The Japanese-inspired staircase of this Barcelona home was essential to its renovation. Here’s why
Once there was a two-storey semi-basement house in a 1924 building nearby Barcelona’s Park Güell that had suffered the obvious hands of time. That is, until architecture and interiors practice Mas-aqui came along. The local studio, founded by Japanese architect Masaaki Higashi and Minorcan artist Esther Mir, have made a total revision that brings the residence into this century. While it was clear from the start of the project that the home would need a sizable intervention, for Higashi and Mir, it introduced an ‘exciting challenge to transform the difficulties into the opportunity to achieve a unique home with a marked personality’.
‘The rooms were completely lacking in light and ventilation, and communication between the different floors of the building was complicated,’ explain the architect and artist, adding: ‘The lower basement had been practically abandoned for years, and access was only possible via an outside staircase.’ Their initial task was to redefine the uses of each space, so as to reconnect and maximize the functionality of the interior.
Now the home distributes its square meterage over five sections, with two connected exits that open to the outdoors. Perhaps the most pivotal point of the renovation was the addition of a staircase – for which an excavation of 1.2 m of land was necessary. ‘This intervention completely determined the character of the house and became a central element,’ they continue, explaining that the excavation created a double-height space.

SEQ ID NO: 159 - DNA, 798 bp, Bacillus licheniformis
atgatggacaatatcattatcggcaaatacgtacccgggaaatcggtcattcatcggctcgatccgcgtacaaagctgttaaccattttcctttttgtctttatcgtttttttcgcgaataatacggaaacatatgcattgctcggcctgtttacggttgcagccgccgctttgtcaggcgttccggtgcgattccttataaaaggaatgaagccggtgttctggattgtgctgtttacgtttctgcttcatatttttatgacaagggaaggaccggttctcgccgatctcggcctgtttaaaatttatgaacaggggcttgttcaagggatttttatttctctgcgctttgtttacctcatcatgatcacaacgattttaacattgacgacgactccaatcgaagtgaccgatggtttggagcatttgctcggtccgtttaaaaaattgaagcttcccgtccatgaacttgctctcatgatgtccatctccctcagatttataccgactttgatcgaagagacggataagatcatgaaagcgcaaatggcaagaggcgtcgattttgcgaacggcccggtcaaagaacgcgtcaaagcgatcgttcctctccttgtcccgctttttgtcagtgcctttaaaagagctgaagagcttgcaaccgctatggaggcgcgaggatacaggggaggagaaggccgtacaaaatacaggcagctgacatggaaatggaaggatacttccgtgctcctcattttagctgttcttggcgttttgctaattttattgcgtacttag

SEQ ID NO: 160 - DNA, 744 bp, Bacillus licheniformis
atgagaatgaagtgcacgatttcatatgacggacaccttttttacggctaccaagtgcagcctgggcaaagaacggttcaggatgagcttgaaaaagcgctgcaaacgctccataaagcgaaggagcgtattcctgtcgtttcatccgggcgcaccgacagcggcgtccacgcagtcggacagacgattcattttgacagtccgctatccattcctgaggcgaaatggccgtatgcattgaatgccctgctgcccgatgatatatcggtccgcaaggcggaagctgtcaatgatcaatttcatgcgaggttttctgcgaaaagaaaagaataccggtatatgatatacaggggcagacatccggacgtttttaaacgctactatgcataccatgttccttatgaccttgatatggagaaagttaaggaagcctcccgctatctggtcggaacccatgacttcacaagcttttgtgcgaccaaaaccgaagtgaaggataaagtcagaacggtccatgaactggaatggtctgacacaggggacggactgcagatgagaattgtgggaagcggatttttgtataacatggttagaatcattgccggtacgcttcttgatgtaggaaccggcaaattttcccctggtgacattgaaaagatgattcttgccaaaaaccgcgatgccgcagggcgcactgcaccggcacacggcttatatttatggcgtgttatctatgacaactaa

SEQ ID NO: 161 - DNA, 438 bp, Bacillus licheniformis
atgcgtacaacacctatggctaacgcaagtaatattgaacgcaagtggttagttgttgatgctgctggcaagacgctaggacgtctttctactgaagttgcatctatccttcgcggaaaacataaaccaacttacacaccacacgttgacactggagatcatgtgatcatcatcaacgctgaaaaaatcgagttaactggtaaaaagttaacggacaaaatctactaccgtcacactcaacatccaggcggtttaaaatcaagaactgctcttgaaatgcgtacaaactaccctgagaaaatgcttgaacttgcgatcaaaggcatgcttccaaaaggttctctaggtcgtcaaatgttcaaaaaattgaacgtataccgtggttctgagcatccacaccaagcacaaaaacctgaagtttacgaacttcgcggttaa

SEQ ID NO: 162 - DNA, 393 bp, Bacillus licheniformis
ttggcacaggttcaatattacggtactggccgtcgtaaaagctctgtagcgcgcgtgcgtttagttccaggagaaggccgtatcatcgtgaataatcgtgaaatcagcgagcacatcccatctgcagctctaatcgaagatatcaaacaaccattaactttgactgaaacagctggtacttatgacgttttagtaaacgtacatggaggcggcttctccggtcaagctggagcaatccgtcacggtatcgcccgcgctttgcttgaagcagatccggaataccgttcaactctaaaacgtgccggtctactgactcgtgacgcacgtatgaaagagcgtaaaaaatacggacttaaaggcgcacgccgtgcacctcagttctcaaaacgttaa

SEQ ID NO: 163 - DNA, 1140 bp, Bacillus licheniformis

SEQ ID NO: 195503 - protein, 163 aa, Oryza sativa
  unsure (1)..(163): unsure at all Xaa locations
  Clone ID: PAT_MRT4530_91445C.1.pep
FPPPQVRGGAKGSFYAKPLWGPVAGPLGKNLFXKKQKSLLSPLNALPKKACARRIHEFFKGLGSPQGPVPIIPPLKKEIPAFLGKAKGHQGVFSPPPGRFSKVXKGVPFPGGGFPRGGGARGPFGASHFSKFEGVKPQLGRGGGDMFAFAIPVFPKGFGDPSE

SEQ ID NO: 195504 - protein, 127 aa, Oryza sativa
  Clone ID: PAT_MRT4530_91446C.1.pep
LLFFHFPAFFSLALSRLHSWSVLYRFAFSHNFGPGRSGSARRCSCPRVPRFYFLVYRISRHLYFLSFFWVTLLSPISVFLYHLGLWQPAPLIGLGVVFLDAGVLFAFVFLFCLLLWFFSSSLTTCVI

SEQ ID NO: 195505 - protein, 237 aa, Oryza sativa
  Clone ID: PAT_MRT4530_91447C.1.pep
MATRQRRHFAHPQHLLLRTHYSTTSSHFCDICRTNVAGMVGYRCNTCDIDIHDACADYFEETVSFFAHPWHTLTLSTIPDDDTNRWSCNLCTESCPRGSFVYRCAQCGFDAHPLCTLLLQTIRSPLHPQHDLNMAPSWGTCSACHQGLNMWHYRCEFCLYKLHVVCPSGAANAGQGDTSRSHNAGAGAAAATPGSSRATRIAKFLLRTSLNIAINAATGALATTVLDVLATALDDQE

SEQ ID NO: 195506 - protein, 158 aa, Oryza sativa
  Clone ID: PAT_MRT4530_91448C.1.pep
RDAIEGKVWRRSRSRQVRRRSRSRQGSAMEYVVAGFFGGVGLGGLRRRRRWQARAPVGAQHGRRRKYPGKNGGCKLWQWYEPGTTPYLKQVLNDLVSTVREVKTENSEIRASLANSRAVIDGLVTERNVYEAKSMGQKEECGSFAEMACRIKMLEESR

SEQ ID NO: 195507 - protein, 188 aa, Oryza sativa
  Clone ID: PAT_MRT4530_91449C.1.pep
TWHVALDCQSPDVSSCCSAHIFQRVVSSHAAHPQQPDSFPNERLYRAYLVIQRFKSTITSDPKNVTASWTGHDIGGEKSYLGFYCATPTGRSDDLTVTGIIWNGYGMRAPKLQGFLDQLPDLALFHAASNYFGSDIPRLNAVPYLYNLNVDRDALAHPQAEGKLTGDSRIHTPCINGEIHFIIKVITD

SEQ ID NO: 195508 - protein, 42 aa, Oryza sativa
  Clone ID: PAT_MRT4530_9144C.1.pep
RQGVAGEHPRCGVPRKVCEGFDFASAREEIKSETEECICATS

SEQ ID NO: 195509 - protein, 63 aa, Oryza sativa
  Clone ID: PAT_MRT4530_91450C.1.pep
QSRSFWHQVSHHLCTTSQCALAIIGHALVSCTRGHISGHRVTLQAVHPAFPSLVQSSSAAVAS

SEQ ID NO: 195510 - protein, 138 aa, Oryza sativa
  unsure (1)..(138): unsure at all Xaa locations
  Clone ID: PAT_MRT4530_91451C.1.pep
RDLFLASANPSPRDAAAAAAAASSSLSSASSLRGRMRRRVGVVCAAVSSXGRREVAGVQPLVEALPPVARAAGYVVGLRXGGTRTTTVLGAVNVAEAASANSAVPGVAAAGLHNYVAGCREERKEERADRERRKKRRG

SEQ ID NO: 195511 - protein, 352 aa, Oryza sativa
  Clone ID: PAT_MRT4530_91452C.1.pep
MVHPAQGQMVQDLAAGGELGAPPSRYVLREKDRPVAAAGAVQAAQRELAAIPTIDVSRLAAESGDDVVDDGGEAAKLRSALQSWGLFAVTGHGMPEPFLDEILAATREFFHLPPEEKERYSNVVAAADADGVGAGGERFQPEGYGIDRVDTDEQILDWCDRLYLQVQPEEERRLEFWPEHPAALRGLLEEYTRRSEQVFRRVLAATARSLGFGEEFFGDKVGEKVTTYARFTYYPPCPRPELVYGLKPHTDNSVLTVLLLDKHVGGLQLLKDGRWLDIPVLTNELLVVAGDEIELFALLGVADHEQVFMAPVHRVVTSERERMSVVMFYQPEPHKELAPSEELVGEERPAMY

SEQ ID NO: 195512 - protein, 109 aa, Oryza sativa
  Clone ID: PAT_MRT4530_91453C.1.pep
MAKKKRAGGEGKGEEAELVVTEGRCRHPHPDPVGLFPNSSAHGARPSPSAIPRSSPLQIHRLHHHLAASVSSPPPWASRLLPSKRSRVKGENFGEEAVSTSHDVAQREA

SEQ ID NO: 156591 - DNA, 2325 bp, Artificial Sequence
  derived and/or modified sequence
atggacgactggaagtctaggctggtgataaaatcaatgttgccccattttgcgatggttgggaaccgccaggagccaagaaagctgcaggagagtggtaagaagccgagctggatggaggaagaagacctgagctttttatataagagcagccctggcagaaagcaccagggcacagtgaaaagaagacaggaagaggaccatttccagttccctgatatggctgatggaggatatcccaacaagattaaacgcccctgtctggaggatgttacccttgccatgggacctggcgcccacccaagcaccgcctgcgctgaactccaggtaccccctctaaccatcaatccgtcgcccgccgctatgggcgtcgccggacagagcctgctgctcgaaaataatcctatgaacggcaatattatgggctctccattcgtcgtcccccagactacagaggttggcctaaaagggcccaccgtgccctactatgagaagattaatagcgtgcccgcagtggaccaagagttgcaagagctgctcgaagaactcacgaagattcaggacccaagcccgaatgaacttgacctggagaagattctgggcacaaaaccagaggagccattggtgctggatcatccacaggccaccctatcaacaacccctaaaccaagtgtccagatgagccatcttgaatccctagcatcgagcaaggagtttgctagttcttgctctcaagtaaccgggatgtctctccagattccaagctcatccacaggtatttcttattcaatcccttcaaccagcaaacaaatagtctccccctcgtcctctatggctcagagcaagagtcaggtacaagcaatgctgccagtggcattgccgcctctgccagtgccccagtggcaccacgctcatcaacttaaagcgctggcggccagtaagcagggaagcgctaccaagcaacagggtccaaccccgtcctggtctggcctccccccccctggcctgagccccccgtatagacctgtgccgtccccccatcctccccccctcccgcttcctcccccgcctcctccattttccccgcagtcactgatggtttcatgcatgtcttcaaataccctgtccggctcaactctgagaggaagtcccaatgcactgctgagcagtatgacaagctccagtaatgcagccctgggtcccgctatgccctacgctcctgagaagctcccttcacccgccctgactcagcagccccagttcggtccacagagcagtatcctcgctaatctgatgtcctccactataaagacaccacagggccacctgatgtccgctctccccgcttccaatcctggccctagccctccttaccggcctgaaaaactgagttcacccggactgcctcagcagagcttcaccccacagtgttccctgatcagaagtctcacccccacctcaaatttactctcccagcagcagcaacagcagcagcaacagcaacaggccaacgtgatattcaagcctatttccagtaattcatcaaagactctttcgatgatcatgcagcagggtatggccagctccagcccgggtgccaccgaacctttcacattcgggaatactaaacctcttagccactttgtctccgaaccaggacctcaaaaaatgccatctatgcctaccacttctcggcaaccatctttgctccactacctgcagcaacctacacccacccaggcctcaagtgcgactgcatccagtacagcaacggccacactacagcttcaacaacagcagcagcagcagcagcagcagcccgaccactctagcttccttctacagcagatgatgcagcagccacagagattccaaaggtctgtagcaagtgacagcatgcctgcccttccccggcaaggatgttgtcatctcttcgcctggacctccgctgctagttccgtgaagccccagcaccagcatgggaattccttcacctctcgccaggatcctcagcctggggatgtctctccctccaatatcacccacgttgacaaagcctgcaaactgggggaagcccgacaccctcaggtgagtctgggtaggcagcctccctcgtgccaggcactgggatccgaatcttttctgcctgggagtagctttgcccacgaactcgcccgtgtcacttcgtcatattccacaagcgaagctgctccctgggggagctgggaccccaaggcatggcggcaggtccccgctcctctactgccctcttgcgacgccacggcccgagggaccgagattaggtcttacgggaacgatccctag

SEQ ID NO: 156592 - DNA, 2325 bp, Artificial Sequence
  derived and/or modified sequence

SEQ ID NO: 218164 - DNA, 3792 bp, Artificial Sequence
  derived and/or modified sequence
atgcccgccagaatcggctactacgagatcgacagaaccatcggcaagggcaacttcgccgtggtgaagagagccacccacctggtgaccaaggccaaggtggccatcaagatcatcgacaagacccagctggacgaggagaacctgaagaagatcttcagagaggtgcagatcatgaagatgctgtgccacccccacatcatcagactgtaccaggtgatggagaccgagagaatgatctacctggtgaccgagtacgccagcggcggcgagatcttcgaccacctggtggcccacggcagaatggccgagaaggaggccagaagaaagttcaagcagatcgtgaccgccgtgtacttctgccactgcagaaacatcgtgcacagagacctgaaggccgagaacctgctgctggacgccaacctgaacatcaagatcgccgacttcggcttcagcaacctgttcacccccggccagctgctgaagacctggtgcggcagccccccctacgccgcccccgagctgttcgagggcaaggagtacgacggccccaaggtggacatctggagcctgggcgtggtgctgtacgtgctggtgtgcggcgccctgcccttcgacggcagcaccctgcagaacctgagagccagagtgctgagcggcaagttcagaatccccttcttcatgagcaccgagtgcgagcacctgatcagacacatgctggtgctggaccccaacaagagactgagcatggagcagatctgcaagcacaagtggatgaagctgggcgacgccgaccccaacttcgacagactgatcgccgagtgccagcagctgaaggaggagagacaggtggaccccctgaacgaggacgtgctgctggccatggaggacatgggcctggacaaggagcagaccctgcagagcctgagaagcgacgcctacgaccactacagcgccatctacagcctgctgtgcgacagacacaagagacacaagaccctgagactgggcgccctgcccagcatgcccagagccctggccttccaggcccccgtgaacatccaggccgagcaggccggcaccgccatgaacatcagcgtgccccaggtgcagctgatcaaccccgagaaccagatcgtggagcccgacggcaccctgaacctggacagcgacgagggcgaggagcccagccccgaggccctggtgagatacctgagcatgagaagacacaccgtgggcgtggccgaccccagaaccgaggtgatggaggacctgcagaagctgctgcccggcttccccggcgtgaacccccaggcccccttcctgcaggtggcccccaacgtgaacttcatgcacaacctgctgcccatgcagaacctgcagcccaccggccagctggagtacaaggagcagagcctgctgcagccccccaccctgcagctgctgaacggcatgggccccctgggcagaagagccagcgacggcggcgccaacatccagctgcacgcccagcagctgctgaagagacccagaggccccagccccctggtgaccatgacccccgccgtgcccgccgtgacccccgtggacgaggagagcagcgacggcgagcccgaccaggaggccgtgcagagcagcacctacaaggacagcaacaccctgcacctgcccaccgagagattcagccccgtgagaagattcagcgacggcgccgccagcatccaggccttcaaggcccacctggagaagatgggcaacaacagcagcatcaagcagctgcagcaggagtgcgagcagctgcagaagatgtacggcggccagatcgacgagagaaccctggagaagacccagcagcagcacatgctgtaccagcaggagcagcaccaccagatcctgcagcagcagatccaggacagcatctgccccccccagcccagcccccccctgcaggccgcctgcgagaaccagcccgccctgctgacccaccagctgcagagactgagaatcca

Reinforcing the staircase is a wooden forging which doubles as a ‘translucent filter’ – the element wraps upward like a Japanese yurikago – or cradle – visually joining some of the house’s main spaces, such as the kitchen, living room, lavatory and storeroom.
The forging is but one reference to Higashi’s homeland: on the upper floor, Mas-aqui also created a tokonoma, a small space raised above a washistu – or Japanese-style room. The objects contained in the washistu are considered essential elements in traditional decoration. True to the ideals of Japanese craftsmanship and minimalism, all materials, like the reddish-brown ceramic floor tiles, were handcrafted and selected in natural shades.
Moreover, new openings solved the lack of natural light while also contributing cross-ventilation. Aerothermal solutions were also applied, enabling the building to capture energy from the environment to supply radiant heating and hot water in each space.
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